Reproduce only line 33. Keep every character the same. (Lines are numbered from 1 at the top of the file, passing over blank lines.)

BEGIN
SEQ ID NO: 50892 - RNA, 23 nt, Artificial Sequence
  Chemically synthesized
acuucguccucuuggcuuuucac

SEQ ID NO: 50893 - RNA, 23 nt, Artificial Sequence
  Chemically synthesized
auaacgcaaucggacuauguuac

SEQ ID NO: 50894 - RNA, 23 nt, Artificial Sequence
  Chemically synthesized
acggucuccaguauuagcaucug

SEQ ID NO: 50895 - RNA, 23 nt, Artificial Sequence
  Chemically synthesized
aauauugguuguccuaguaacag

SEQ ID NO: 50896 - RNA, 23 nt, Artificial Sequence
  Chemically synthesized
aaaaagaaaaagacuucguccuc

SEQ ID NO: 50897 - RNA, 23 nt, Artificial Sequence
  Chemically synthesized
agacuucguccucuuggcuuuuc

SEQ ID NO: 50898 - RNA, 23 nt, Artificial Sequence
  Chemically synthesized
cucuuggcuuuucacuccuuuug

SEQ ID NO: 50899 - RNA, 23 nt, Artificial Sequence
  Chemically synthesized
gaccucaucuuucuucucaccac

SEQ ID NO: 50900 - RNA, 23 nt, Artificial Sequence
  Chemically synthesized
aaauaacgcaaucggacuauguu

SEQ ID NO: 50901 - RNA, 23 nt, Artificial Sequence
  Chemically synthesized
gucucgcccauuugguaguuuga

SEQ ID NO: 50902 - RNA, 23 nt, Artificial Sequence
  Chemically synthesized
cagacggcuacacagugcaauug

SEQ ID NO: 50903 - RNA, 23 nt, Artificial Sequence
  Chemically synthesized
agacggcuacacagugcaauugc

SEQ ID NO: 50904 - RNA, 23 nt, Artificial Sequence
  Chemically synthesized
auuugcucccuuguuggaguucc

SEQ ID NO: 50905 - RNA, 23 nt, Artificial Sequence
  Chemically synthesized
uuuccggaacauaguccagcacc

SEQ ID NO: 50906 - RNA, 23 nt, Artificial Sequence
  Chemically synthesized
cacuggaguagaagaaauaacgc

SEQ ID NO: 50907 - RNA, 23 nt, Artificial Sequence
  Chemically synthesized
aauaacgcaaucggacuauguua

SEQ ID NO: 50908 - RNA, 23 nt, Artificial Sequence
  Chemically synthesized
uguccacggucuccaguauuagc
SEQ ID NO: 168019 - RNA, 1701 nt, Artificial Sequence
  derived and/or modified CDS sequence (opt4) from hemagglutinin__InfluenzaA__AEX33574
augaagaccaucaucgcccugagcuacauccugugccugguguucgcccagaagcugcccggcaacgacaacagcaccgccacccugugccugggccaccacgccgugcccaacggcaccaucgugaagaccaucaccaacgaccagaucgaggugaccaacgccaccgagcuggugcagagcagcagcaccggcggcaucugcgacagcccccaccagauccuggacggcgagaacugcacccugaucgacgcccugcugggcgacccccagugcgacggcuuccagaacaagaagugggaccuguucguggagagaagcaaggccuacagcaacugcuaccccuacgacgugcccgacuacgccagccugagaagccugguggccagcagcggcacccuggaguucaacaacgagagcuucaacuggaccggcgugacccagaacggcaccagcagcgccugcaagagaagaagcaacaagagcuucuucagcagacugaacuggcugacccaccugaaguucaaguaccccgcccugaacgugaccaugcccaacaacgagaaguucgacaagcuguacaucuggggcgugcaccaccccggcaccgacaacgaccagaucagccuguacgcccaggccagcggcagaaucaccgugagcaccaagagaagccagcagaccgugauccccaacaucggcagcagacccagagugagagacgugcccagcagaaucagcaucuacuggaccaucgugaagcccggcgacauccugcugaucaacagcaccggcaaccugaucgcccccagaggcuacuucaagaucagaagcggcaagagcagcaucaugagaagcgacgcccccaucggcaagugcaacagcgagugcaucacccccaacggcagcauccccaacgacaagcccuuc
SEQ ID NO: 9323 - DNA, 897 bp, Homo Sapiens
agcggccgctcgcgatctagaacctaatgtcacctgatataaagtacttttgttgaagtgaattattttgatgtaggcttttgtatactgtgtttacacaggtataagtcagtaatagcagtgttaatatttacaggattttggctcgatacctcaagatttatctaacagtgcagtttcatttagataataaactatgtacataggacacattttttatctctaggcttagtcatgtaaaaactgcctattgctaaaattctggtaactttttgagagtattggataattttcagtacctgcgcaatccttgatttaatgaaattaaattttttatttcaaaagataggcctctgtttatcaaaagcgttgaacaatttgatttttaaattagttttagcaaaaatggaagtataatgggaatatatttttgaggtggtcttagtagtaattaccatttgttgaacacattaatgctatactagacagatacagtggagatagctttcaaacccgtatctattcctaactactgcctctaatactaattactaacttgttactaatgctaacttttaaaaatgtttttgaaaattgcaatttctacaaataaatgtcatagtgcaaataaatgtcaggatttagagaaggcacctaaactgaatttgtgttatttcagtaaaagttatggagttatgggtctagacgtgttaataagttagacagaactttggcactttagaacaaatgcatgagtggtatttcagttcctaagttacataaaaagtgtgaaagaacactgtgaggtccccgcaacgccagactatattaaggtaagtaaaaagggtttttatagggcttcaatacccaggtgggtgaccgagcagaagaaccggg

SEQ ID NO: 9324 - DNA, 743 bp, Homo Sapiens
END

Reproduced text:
cagacggcuacacagugcaauug